Interviews with Malian returnees carried out in Mali in April 2013, with the collaboration of SOS Migrants (Bamako).
Please note that the videos are available in French only.
Malian migrant returning to Mali owing to conflicts in Côte d’Ivoire: Coordinator of a return migrants’ association.
The return to Mali of this Malian migrant was forced due to the conflict in Côte d’Ivoire. He is the coordinator of an association created in Côte d’Ivoire in the aftermath of the Ivorian’s conflict at the end of 90s. The association comprises Malian returnees, mostly from the region of Dogon (Pays Dogon); it is mainly aimed at supporting the socio-professional reintegration of return migrants as well as fostering the region’s development. “We succeeded in mobilising many persons in a campaign against poverty in the Dogon region. The main challenge was the lack of access to cereals. In 2009, 150 of us met the President of the Republic of Mali and the President of a foundation, who offered us cattle and economic means to support our activity. We also received support for accessing land for housing. When you are abroad, indeed, and you plan to return back home, the first thing you should think about is having a house. We built houses and delivered water in some villages of the Dogon region. Other villages in the region could benefit from such intervention. The association was created without external support, however. The main financial resource comes from membership – the monthly subscription is 500 Francs CFA. I consider my return to Mali as permanent since the situation in Côte d’Ivoire has not improved. Many Malians had returned due to the conflicts in that country. We have contacted and organized them. There are thousands of them who were forced to return.”
Migrant returning to Mali after having experienced several migrations in various African countries.
This return migrant owns a small business. He has been in the trade sector since he was very young. He had several experiences in different African countries but mainly in Congo where he lived for nine years. Since he decided to return to Mali in 2005 he started a trade business. He received a loan from a savings bank to start his enterprise, but he considers the interest rate to be too high. Thanks to his migration experience, he acquired knowledge that he could use in Mali after return: “This is the most positive aspect of my migration experience. If I had had the possibility of training in Mali and obtaining financial support I would not have emigrated.”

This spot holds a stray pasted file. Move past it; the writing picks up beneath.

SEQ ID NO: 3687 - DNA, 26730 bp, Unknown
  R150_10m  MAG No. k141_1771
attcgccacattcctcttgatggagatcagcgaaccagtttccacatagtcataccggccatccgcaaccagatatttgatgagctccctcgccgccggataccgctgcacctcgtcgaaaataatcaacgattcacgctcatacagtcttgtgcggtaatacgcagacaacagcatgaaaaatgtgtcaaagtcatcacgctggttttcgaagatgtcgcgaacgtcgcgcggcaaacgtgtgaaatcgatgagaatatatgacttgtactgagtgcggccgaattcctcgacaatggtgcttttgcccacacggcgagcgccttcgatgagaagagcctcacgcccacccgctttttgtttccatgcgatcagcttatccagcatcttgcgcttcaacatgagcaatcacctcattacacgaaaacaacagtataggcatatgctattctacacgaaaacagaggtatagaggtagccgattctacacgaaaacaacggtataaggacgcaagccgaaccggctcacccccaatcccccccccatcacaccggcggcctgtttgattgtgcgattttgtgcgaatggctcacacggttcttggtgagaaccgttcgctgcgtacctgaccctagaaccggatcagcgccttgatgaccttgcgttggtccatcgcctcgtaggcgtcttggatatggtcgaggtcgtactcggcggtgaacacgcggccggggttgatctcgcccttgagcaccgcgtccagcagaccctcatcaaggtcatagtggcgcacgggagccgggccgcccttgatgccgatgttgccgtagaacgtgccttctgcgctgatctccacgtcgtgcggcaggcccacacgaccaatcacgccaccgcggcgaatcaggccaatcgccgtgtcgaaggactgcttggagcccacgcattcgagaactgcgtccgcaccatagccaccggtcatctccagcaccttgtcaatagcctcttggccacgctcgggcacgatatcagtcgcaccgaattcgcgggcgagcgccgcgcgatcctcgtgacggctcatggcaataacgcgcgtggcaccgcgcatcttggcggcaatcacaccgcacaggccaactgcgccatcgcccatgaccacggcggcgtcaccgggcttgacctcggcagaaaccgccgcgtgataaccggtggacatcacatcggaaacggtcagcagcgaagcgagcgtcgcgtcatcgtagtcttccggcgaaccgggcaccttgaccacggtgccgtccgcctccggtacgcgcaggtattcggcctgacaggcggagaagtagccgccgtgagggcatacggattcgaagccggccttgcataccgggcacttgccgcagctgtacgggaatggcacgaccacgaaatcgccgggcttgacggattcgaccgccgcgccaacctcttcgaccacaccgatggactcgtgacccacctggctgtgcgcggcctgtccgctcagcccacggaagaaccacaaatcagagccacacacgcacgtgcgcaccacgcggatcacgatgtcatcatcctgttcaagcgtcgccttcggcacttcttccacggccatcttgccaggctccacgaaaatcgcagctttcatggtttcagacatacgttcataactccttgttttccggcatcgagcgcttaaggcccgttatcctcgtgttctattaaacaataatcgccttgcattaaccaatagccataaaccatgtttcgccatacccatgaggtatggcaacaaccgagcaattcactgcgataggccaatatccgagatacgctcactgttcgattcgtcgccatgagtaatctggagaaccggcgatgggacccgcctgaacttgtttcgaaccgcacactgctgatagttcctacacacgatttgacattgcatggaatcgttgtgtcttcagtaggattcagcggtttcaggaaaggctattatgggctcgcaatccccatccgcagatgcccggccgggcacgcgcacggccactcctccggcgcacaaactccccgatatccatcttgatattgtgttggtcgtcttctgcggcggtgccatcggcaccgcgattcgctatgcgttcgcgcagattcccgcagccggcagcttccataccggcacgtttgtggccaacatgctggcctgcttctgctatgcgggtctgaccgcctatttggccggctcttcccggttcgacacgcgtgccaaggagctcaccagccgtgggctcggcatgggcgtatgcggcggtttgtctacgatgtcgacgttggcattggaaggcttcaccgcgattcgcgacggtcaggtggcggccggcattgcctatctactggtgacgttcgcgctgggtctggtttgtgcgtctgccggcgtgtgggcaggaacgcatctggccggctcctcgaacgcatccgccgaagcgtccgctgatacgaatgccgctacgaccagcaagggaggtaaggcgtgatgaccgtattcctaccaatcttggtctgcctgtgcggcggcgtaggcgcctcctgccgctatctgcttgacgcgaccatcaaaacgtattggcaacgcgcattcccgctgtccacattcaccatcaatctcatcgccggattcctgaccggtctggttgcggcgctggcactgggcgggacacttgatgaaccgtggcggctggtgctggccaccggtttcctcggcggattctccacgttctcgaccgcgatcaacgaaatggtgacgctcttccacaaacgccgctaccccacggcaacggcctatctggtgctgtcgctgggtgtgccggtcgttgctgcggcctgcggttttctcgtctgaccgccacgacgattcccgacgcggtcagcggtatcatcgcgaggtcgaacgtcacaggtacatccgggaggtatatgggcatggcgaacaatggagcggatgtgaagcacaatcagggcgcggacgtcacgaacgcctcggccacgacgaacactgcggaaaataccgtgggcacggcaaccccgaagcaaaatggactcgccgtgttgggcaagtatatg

Malian returnee: Health professional and entrepreneur.
This return migrant was born in Mali in 1980. He emigrated mainly to study but also with the intention of helping his family due to lack of prospects in Mali. He left Mali in 2001 for Algeria where he lived for five years. He received a scholarship. At the end of his studies in 2006, he decided to return to Mali. He got married after returning. Since 2009, he has worked in the health sector, with a permanent contract. He has also invested around 1400 Euros in three small projects – in livestock and poultry. “The local market is favourable and the business is going well. My project is to create a company to raise and sell cattle, for example for butchers. For now I rely on my own financial resources. There are small grants that we can access but it is not enough, I am afraid. Having a degree has helped me get access to financing. I have a regular job that allows me to support my family, but if I can start a proper business I can create job opportunities and young people no longer have to emigrate to find a job. Today I employ two persons in the cattle activity.” He lives with his wife and children.
Women return migrants hoping to set up their own business.
This woman returned to Mali from Côte d’Ivoire due to the conflict. While abroad, she faced several difficulties but she also experienced the solidarity of friends and neighbours. She was a small trader in Côte d’Ivoire; she worked a lot with other women of different ethnic backgrounds. Since she returned to Mali, she experienced problems in reintegrating and she did not receive any help from public institutions. She then turned to a savings bank for a loan in order to start her own business. She was able to pay back her debts, but with great difficulty due to the high interest rates. She had many experiences in Côte d’Ivoire. As a member of an association and through the collaboration with other women, she learned how to process coconut and transform it into soap. All these experiences turned to be useful for her after the return, but she still lacks the financial means to put them into practice. She then decided to engage in an association with other women return migrants. They have feasible projects in mind and the mayor is willing to provide them with a space in the village to set up a commercial activity. Unfortunately they do not have the financial means to purchase the necessary raw materials.